WASHINGTON — `TC WASHINGTON -- Up until the weekend, the lowdown on Anita Hill went something like this: She was the Oklahoma farm girl who made it on her own, the prim law professor who cast aside pride and privacy to tell the nation about the real Clarence Thomas.
The image of Judge Thomas, meanwhile, had taken a tumble -- from self-made man to self-made public relations disaster. What had been an almost certain seat on the U.S. Supreme Court suddenly seemed very far away.
By late Saturday, after a nudge by the Republican members of the Senate Judiciary Committee, Ms. Hill's image had shifted. She was the temperamental woman prone to unfounded fantasies, a liar with a chip on her shoulder and a political ax to grind, willing to say anything to keep Judge Thomas off the U.S. Supreme Court. And as she fell, Judge Thomas ascended, now the innocent victim, wounded but fighting back against a malicious campaign of disinformation.
Early yesterday afternoon the image seismograph trembled anew, and Ms. Hill was again the trusted friend, a bedrock of honesty and conservatism, with Judge Thomas again falling into question.
But in the evening four of his friends took the witness stand and dramatically reversed the trend again.
Thus has the senatorial tug-of-war over the reputations of Ms. Hill and Judge Thomas proceeded before a national television audience. It is a contest with no room for a subtle middle ground or compromise, because only an extreme view will allow an easy decision on the matter of whether Judge Thomas sexually harassed Ms. Hill on the job 10 years ago.
Ms. Hill began the struggle with a self-portrait Friday. She talked of her conservative upbringing and its ethic of hard work and honesty. She restated her reluctance in coming forward and her previous hopes for confidentiality. Then she gave the Thomas image a shove downward, describing how he took her aside several times in his office to ask for dates or tell her the vivid details of pornographic movies.
The senators of the Judiciary Committee, both Democrats and Republicans, treated her with deference, complimenting her poise and apologizing for her lost privacy.
Then she left the room. Judge Thomas entered. The process reversed.
Sen. Orrin G. Hatch, R-Utah, while continuing to praise the intelligence of Ms. Hill, said he found her story unrealistic and worrisome. It was, he concluded, the handiwork of "slick lawyers" driven by feminist groups bent on destroying Judge Thomas.
Mr. Hatch helped accelerate the image shift by suggesting that Ms. Hill might have woven her tale from threads found in novels and law books. Republican colleague Arlen Specter of Pennsylvania suggested she might have committed perjury.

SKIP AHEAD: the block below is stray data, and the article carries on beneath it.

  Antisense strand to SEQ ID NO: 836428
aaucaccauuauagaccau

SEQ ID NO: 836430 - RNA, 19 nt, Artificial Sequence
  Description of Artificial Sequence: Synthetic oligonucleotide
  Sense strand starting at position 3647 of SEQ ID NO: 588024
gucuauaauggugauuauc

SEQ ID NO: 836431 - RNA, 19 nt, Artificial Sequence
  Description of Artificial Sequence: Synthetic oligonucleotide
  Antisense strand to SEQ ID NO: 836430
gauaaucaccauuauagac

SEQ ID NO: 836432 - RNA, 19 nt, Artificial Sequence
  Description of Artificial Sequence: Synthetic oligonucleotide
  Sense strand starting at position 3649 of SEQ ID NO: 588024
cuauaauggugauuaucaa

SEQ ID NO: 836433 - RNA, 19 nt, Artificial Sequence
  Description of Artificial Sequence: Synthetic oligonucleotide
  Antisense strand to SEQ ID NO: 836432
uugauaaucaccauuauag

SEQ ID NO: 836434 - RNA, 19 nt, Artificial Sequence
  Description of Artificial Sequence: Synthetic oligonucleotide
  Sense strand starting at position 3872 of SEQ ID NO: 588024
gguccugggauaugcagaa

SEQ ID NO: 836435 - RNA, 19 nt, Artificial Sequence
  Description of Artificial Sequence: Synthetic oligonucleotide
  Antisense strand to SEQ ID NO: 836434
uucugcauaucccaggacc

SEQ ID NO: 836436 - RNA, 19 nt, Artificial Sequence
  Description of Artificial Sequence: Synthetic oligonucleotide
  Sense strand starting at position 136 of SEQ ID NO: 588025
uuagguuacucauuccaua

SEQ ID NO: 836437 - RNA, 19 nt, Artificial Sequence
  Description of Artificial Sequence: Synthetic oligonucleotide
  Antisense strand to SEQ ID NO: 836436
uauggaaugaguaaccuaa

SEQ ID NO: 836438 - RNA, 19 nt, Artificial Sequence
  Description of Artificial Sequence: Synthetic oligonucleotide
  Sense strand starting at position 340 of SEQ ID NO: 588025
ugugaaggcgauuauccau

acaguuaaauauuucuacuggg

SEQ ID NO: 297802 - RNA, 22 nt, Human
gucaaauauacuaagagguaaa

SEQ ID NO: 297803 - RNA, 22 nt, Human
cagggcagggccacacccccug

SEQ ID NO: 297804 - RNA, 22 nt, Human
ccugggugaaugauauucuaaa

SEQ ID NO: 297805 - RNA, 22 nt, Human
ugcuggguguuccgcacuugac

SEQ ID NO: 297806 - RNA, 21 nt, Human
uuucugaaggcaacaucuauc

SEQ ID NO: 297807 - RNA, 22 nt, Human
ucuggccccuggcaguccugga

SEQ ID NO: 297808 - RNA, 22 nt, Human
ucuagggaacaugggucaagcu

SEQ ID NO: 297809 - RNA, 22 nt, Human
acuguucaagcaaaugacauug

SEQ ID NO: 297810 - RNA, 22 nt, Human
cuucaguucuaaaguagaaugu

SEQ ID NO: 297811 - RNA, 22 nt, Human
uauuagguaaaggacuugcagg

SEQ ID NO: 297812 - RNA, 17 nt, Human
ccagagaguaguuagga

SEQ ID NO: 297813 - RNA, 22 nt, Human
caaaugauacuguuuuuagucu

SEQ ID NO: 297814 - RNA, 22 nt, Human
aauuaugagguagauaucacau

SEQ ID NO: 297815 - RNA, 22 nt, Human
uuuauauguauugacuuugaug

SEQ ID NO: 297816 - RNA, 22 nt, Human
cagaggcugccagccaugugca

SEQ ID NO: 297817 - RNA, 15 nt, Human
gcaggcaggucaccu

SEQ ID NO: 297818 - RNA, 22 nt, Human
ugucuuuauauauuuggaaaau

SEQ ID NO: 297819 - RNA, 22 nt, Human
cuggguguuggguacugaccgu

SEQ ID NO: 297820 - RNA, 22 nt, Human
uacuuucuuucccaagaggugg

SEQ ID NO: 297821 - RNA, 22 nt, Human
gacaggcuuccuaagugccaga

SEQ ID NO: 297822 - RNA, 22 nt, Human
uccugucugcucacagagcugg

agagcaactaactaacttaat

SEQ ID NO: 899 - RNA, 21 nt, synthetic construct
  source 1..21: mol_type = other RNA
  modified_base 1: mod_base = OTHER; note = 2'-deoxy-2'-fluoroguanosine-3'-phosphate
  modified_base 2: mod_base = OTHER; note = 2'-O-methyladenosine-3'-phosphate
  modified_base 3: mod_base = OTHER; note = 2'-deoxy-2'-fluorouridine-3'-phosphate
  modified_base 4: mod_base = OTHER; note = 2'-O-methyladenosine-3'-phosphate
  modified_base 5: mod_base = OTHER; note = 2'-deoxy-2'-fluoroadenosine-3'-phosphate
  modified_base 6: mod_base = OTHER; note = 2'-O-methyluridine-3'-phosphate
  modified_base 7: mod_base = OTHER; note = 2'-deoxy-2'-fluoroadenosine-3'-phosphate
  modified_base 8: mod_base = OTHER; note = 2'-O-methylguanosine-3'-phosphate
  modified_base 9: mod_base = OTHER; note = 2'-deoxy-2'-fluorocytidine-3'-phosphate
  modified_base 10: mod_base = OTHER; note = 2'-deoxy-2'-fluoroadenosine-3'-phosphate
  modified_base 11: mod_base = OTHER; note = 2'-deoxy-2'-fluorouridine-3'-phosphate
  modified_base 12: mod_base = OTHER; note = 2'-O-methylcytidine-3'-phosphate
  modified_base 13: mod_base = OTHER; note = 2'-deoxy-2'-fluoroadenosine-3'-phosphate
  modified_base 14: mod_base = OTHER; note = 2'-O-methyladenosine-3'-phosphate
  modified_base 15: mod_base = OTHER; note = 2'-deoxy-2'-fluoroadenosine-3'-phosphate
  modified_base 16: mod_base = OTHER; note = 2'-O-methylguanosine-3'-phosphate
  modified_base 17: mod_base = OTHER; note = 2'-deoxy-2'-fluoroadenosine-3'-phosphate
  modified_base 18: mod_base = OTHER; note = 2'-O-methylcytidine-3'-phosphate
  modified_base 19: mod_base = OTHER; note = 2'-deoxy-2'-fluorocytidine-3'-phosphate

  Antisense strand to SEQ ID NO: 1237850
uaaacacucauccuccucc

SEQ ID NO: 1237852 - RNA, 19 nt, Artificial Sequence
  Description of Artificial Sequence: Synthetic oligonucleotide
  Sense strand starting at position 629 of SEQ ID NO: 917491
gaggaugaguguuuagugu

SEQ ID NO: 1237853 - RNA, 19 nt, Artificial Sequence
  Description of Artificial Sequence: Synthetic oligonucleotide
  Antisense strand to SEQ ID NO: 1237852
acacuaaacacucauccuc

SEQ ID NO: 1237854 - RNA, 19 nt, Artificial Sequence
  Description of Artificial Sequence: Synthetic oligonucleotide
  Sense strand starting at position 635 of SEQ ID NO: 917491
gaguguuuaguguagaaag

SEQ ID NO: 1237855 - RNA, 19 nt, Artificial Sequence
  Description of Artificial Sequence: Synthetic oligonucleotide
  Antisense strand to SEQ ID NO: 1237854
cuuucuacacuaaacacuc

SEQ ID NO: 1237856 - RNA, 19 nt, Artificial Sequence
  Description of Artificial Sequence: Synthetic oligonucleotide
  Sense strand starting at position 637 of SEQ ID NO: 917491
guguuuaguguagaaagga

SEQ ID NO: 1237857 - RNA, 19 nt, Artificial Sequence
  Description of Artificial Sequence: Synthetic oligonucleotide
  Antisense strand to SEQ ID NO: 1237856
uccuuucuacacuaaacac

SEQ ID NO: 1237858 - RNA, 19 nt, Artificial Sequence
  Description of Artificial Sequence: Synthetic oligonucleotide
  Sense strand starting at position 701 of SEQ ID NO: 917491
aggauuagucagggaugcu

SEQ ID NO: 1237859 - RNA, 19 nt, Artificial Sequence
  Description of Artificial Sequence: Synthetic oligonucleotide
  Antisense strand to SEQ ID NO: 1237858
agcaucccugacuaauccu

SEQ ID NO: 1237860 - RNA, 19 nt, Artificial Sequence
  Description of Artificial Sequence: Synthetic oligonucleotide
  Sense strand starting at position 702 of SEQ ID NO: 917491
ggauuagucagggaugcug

By implication, the only question remaining was whether she lied knowingly or as the result of an elaborate fantasy, and Mr. Hatch addressed that question in an interview during a recess, saying, "I don't believe her. But I also think she believes what she is saying is true. I think she's become a captive of vicious outside groups that will stop at nothing."
In defending his own image Saturday, Judge Thomas also added to the negative portrait of his adversary, saying that Ms. Hill had often lost her temper and "stormed out of the room" when she hadn't gotten her way on the job.
The combination of such remarks left Judge Thomas in strong shape as yesterday dawned, according to public opinion polls, but new witnesses yesterday afternoon began rebuilding the credibility of Ms. Hill's allegations.
Three close friends -- John Carr, Susan Hoerchner and Ellen Wells -- each testified that Ms. Hill had confided in them with her complaints of sexual harassment as long as eight years ago, while she was working for Judge Thomas at the Equal Employment Opportunity Commission.
One said she mentioned Judge Thomas by name, one said she mentioned that her boss's name was Clarence, and one said he knew who her boss was at the time Ms. Hill told him of the sexual harassment.
As for the possibility that Ms. Hill might have been motivated by politics in bringing her charges, all four panelists said that was preposterous. Ms. Hoerchner and Mr. Paul both recalled her support for past Supreme Court nominee Robert H. Bork, the conservative judge who was eventually rejected by the Senate.
But most important is that the witnesses helped post-date Ms. Hill's allegations to a time long before Judge Thomas was nominated to the Supreme Court, which helps defuse the notion that Ms. Hill might have made up her story solely to keep Judge Thomas off the court.
In the evening, Judge Thomas' side counterattacked. Some of the testimony of his four friends and former co-workers -- J. C. Alvarez, Nancy Fitch, Diane Holt and Phyllis Berry Myers -- focused on general comments of his good character. They said it was incomprehensible that he could have made the remarks attributed to him by Ms. Hill.
The images of both of the principals are likely to turn again before the hearings are over. And again. She has already told the panel she wants to come back to answer the charges made against her since she testified Friday.
If she does return, the committee has reserved the right for Judge Thomas to have the last word.